No vaccines or therapeutics are available for these illnesses, so targeting the insect’s breeding grounds is critical to saving lives.

That’s why, in 2015, one of the first things Desiree LaBeaud did upon joining the Stanford Department of Pediatrics was apply for a Bechtel Faculty Scholar Award. She wanted to use the funds to teach Kenyan school children and community members about the mosquito breeding grounds around their homes. She had been studying mosquito-borne illness in Kenya for over a decade as a pediatric arbovirologist, a specialist who studies diseases caused by blood-sucking insects such as mosquitoes and ticks. She saw that dengue fever was sickening many Kenyan children due to a lack of awareness about its cause and how to prevent it.

Read the full story here: https://news.stanford.edu/report/2022/02/09/investigating-mosquito-borne-diseases-led-unlikely-culprit-plastic-trash/

How ‘super-enzymes’ that eat plastics could curb our waste problem

How ‘super-enzymes’ that eat plastics could curb our waste problem

via The Guardian

plastic scrap
Photo by Catherine Sheila on Pexels.com

Beaches littered with plastic bottles and wrappers. Marine turtles, their stomachs filled with fragments of plasticPlastic fishing nets dumped at sea where they can throttle unsuspecting animals. And far out in the Pacific Ocean, an expanse of water more than twice the size of France littered with plastic waste weighing at least 79,000 tonnes.

The plastic pollution problem is distressingly familiar, but many organisations are working to reduce it. Alongside familiar solutions such as recycling, a surprising ally has emerged: micro-organisms. A handful of microbes have evolved the ability to “eat” certain plastics, breaking them down into their component molecules. These tiny organisms could soon play a key role in reducing plastic waste and building a greener economy.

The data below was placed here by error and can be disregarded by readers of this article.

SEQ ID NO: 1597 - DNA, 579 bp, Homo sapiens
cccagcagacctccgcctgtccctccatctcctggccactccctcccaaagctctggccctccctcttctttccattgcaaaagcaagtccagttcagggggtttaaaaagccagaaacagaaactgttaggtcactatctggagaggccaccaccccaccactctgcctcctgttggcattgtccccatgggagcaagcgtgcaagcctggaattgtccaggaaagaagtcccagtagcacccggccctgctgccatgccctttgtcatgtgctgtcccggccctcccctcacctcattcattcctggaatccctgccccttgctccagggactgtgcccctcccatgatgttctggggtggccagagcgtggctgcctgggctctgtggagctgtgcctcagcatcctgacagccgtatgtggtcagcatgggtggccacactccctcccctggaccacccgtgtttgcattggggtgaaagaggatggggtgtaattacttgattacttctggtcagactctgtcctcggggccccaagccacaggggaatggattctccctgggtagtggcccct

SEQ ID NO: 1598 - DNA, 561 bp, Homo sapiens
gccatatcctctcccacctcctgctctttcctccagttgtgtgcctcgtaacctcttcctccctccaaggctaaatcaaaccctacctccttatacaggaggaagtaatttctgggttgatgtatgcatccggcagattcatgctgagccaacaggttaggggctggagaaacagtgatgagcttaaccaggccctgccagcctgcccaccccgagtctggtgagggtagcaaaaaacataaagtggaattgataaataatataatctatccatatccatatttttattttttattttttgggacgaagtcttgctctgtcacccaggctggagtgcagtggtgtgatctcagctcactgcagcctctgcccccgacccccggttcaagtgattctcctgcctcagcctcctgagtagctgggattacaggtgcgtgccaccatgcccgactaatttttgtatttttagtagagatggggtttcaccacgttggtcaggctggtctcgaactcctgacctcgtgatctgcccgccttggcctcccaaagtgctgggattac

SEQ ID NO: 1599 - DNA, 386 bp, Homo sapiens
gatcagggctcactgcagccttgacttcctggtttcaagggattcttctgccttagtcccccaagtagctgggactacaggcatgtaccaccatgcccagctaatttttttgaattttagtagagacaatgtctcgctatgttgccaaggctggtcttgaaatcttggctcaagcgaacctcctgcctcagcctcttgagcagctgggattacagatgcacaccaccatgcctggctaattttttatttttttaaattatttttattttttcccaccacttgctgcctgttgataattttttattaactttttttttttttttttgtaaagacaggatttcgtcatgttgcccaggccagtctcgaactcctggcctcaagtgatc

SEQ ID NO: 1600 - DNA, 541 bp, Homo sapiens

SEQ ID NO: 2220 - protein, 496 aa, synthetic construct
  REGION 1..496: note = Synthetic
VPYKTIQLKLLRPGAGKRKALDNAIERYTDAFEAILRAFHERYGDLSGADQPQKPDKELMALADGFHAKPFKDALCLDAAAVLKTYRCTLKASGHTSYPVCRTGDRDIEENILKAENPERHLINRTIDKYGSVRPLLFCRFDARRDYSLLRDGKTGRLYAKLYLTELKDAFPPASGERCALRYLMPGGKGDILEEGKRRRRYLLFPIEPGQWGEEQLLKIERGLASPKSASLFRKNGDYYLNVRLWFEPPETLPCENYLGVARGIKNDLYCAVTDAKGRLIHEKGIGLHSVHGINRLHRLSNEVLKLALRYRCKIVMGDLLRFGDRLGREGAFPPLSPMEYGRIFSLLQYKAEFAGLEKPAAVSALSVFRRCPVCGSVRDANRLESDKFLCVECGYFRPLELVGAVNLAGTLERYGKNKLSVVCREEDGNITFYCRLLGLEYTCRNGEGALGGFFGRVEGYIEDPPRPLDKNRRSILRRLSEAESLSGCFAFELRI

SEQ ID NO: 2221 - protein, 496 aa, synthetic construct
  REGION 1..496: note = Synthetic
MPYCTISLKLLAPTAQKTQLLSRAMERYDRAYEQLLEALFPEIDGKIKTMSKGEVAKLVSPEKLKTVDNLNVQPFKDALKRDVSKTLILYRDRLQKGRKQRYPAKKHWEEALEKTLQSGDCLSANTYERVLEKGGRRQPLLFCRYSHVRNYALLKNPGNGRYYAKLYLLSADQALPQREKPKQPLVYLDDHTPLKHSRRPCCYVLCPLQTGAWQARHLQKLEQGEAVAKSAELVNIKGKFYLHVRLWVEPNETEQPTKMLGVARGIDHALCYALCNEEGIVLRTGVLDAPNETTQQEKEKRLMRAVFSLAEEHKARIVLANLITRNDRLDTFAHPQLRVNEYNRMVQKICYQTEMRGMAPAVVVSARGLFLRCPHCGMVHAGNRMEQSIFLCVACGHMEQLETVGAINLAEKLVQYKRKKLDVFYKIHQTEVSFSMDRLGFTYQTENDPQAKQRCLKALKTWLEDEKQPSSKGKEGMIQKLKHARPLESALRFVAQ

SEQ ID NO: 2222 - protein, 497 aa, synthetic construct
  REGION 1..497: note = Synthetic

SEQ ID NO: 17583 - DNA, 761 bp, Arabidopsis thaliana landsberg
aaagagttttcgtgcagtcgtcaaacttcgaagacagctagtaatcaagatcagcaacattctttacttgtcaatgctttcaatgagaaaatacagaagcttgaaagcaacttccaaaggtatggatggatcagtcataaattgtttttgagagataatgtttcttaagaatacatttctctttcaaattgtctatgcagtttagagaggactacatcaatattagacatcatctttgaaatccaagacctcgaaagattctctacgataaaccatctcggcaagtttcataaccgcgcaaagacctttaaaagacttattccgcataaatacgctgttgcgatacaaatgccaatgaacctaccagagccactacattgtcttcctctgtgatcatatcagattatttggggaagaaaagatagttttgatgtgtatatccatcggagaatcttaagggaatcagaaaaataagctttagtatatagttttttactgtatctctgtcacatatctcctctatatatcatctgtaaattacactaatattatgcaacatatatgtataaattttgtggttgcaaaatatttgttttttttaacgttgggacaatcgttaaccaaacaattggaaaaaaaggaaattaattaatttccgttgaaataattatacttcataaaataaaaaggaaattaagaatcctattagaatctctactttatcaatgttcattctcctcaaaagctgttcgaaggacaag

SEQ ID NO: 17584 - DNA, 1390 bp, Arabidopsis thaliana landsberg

Read the full story here: https://www.theguardian.com/environment/2022/feb/05/how-super-enzymes-that-eat-plastics-could-curb-our-waste-problem

Trafficking of plastic waste is on the rise and criminal groups are profiting, report says

via LA Times

Americans like to think they are recycling their plastic takeout food containers, cutlery and flimsy grocery bags when they toss them into those green or blue bins. But, too often, that waste is shipped overseas, sometimes with the help of organized crime groups, where it litters cities, clogs waterways or is burned, filling the air with toxic chemicals.

report published Monday by the independent Swiss research group Global Initiative Against Transnational Organized Crime, whose members include current and former law-enforcement officials, sheds new light on how this waste winds up in poorer countries that had agreed not to accept it.

Read the full story here: https://www.latimes.com/environment/story/2021-11-08/report-trafficking-of-plastic-waste-is-on-the-rise-and-criminal-groups-are-profiting

Activities at PVC market should be stopped till fire-safety arrangements made: Delhi Fire Service

via Outlook India

Terming a recent fire incident at the PVC market as the most “intense and widespread”, the fire department said, “It has been observed that the scrap is spilled outside the plots, covering almost the entire stretch of the road, and at some points, it is mixing with the scrap of other plots too. The situation is highly alarming from the fire safety point of view as it helps in propagation of fire at a rapid rate.”

The move comes after a massive fire broke out at an open godown in the PVC market in the Tikri Kalan area on July 11. According to the fire department, it took more than 200 fire-fighters over 10 hours to douse the blaze as PVC materials in huge quantities were stocked up at the spot and since the godown did not have a boundary wall, the risk of the fire spreading to the adjoining areas was high.

Read the full story here: https://www.outlookindia.com/newsscroll/activities-at-pvc-market-should-be-stopped-till-firesafety-arrangements-made-delhi-fire-service/2129182

New plant-based plastics can be chemically recycled with near-perfect efficiency

via Academic Times

German chemists have developed two sustainable plastic alternatives to high-density polyethylene that can be chemically recycled more easily and nearly 10 times as efficiently, thanks to “break points” engineered into their molecular structures.

Derived from plant oils, the new plastics were presented in a paper published Wednesday in Nature as low-waste, environmentally friendly replacements to the conventional fossil fuel-based plastics that enter natural ecosystems at a rate of millions of tons per year.

Read the full story here: https://academictimes.com/new-plant-based-plastics-can-be-chemically-recycled-with-near-perfect-efficiency/